The company’s net profit during 2013-14 reflected a growth of 56 per cent compared to 2012-13. The company held its annual general meeting last month with Ranjit Barthakur as its chairman.

The company has recorded an increase of nine per cent in its own crop harvest as compared to the Assam Valley increase of six per cent.

The company has focused on increasing its volume on operations through sustained development of its tea areas and purchase of bought leaf for conversion. It has also focused on orthodox manufacturing, which has added considerable value to the operations.

The focus on quality has also improved its earnings.

APPL has deployed a fairly large number of mechanical harvesters across 17 estates, as these machines will help in harvesting the crops in time. “This would also help in availability of mandays to do cultivation, as many estates are facing a shortage of workers,” the official said.

Retrieved from – http://www.telegraphindia.com/1140818/jsp/northeast/story_18729198.jsp#.U_GQbMWSz-s

TGB announces guidelines to sustainable beverage production and consumption

Tata Global Beverages (TGB), today announced their plans for 100 percent sustainable sourcing by 2020.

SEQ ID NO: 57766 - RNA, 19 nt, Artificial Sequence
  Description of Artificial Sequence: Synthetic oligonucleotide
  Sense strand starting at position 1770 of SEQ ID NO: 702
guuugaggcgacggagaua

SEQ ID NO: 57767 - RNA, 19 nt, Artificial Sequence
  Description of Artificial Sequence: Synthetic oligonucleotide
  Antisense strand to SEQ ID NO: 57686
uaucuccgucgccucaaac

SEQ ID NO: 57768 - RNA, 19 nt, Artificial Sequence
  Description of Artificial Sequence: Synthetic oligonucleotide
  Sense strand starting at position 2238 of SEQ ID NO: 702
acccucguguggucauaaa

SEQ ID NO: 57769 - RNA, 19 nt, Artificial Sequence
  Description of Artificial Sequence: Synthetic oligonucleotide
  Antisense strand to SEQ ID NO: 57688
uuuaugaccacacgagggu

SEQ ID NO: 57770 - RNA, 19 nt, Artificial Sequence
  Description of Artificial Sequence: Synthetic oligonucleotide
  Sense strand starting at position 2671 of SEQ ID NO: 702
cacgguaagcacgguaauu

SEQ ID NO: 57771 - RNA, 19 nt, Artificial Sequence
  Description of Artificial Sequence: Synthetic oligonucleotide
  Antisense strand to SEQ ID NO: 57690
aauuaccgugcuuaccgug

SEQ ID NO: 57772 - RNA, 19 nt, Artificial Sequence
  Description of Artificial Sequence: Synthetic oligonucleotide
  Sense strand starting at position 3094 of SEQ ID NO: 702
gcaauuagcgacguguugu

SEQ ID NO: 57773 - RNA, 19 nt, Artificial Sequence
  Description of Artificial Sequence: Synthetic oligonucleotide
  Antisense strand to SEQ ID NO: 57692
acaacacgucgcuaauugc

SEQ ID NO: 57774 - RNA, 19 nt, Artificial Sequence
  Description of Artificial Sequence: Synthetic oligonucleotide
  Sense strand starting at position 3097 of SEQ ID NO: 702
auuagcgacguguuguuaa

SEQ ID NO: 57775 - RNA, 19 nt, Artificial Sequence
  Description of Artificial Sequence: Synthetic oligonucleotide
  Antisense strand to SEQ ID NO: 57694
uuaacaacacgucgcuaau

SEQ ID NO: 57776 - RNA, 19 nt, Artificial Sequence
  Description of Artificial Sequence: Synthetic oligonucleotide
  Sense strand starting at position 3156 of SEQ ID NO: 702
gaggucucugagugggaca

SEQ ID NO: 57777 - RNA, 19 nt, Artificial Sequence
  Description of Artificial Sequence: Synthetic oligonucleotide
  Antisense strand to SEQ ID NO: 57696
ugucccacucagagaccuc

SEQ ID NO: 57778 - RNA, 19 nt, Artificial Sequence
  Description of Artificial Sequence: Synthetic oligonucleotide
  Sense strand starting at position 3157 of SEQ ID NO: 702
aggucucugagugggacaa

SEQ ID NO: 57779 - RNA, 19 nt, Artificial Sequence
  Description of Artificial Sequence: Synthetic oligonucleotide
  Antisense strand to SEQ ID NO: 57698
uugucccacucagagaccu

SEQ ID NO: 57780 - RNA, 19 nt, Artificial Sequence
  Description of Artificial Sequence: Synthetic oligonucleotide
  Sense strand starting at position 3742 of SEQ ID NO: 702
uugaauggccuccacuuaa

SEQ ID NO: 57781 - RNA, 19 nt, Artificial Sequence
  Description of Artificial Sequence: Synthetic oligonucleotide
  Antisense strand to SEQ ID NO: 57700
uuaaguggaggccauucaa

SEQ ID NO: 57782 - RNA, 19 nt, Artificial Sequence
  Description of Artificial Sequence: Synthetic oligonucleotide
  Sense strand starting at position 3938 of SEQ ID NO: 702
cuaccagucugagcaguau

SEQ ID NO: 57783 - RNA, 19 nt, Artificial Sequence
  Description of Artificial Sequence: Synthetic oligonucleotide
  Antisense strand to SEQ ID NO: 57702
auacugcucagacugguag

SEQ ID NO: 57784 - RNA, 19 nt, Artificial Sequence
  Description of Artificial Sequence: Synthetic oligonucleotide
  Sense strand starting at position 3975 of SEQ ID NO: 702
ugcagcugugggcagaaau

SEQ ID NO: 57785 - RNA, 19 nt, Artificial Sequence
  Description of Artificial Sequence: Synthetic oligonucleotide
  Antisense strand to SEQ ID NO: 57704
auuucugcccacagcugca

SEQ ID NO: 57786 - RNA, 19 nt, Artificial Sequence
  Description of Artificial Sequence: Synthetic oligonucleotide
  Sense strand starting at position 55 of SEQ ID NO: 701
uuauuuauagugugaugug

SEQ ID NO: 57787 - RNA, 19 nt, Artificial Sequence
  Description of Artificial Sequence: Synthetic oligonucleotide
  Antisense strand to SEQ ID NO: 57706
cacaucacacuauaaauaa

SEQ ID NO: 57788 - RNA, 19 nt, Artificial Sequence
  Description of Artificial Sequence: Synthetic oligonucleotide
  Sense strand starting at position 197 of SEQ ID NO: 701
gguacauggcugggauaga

Tata Global Beverages’ sustainability strategy rests on five key pillars, of which Sourcing is one. The five pillars are Ethical Sourcing, Water Management, Climate Change Management, Waste Management and Community Development.

The company’s sustainable sourcing strategy has a major focus on sustainable agricultural practices. A key component of this effort aims at achieving optimum productivity, and gradually reducing the dependence on synthetic inputs in the form of Plant Protection Formulas.

Tata Global Beverages’ commitment to reducing the use of synthetic Plant Protection Formulations, in the supply chain, is an integral part of TGBs commitment to greater sustainability to ensure the protection of the environment for the benefit of all.

The document published “Guidelines on Plant Protection formulations” outlines the vision to maintain sustainability in the supply chain by supporting Good Agricultural Practices, collaborations and partnerships, independent certifications, pilot projects and agricultural extension activities.